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State trumps local red-light camera ordinances

January 1, 2008
Cities and towns that want to use red-light cameras to catch traffic violators can't adopt an ordinance to implement the cameras because current laws allow only the state to regulate moving traffic violations, Attorney General Steve Carter said.

Carter issued an official opinion Friday regarding whether a municipality can adopt an ordinance to use red-light cameras to determine whether a driver has violated traffic laws. Carter issued the opinion in response to an inquiry from Sen. Earline Rogers, D-Gary. The city of Hammond installed cameras at certain city intersections as part of a plan to generate revenue by catching drivers who run red lights.

State law preempts a local law that attempts to further regulate automotive moving violations, and the General Assembly has to pass legislation before a red-light camera program could be implemented by a city or town, Carter wrote in the opinion. The General Assembly has granted local units of government "all the powers they need for the effective operation of government as to local affairs" in Indiana's home-rule law, but "if a city attempts to impose regulations in conflict with rights granted or reserved by the Legislature, such ordinances are invalid," Carter wrote, citing City of Indianapolis v. Fields, 506 N.E.2d 1128, 1131 (Ind. App. 1987), and City of Hammond, Lake County v. N.I.D. Corp., 435 N.E.2d 42, 48 (Ind. App. 1982).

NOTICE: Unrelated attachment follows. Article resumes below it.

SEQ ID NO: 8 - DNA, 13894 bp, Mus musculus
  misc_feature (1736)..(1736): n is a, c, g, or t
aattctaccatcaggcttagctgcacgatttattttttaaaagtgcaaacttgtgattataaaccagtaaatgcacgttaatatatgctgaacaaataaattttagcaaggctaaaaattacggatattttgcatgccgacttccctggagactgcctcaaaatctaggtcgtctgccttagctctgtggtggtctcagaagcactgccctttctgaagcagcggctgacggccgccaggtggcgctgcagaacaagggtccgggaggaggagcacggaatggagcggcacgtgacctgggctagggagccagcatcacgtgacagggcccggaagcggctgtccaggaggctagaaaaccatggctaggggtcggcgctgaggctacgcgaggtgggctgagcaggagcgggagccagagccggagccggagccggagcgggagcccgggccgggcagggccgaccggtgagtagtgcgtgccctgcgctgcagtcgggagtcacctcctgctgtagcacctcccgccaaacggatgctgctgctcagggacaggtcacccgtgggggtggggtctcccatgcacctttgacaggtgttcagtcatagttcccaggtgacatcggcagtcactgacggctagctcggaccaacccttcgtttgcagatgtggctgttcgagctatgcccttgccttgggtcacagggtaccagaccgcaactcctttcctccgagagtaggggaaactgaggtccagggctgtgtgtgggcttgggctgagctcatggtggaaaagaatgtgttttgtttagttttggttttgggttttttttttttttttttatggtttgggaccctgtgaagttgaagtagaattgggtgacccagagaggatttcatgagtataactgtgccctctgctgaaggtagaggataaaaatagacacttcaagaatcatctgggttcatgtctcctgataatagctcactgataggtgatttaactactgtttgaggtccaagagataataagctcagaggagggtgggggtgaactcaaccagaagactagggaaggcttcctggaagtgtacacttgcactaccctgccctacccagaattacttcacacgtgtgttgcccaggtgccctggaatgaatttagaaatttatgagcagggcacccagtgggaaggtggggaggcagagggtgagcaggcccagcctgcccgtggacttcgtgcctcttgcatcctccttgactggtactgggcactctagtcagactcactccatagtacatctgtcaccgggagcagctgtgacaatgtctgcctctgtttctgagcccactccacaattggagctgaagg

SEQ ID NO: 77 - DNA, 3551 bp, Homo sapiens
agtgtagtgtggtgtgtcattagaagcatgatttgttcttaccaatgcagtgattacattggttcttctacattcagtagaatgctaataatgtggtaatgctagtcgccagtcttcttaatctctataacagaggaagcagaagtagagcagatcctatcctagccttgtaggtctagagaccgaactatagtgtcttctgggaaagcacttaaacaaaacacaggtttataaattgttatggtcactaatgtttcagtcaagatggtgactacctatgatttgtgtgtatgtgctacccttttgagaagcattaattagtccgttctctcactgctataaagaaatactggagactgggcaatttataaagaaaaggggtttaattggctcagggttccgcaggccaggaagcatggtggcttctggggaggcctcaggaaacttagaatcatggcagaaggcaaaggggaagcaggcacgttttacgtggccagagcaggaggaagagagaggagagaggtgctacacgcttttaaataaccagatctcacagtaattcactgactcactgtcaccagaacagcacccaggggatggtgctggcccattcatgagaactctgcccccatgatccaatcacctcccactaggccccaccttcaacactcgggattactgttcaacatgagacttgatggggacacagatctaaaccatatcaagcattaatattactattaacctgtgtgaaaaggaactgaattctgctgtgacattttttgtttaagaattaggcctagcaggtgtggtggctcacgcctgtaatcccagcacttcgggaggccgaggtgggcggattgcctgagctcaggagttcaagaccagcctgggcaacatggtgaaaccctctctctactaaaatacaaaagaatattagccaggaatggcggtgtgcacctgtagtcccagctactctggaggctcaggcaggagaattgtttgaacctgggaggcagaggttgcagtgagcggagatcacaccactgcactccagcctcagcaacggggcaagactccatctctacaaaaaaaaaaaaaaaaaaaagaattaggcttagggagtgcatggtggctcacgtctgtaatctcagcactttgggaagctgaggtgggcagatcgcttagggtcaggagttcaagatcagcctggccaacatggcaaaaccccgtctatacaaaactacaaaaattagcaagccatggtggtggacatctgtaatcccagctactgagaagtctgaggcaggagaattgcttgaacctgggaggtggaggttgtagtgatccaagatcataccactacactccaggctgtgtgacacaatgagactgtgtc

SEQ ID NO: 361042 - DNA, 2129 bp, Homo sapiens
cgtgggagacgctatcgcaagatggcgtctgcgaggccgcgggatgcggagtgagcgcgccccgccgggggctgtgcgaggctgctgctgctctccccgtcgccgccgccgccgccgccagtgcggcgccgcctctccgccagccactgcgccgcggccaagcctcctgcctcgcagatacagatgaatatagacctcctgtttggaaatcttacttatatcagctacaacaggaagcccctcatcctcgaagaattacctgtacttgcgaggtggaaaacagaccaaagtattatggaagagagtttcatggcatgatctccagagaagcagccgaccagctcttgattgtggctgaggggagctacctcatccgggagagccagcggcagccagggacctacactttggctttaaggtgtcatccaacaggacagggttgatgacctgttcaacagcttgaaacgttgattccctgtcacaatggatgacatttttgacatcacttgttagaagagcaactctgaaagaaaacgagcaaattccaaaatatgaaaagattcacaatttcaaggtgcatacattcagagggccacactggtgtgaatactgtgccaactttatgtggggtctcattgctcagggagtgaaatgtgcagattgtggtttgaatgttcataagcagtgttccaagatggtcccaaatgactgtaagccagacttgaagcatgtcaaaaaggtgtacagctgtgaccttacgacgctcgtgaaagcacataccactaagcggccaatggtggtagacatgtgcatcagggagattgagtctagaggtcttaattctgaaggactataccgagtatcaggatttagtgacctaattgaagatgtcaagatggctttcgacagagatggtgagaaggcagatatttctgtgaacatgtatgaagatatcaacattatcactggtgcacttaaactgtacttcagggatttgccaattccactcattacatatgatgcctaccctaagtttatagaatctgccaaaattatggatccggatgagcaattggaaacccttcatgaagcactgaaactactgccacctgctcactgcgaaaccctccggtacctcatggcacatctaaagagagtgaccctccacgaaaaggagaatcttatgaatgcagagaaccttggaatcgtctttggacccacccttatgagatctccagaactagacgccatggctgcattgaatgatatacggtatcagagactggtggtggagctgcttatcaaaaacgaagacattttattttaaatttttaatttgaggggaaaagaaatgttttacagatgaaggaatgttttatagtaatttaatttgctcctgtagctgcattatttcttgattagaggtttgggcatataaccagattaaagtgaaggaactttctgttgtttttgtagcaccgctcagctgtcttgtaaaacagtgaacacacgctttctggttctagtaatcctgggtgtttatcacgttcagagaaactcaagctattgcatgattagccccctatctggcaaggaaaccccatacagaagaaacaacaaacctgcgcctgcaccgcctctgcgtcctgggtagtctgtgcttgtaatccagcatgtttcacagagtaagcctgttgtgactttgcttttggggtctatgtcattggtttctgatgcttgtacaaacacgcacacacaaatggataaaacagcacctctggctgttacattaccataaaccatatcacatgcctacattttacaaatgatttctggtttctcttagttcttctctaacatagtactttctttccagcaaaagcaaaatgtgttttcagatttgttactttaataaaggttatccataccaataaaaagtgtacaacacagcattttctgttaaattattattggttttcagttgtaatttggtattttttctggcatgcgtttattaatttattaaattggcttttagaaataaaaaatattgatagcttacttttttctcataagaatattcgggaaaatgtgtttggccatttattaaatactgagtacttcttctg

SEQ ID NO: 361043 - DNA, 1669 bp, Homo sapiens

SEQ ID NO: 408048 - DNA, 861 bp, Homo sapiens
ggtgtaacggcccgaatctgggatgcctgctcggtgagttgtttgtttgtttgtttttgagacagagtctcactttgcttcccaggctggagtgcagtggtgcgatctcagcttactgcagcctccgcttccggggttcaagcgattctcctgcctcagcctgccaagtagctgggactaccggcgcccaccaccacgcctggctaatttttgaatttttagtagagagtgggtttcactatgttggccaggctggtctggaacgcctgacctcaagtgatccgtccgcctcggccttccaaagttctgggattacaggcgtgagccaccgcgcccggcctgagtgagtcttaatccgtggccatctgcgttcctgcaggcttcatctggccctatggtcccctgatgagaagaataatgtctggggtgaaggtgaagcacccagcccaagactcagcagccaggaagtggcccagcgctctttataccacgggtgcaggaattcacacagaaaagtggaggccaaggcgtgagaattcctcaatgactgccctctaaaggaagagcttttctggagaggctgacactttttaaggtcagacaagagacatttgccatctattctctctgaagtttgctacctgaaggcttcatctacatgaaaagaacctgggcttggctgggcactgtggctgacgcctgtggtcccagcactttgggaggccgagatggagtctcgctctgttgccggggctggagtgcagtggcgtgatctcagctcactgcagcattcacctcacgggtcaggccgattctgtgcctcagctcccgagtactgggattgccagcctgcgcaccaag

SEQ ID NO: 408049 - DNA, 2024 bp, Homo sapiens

"It is our opinion the General Assembly must enact enabling legislation before a red light camera enforcement program may be implemented by a local government entity," he wrote.

Bills have been introduced allowing cities, towns, and counties the legal ability to implement red-light cameras, but none of the bills passed the General Assembly.
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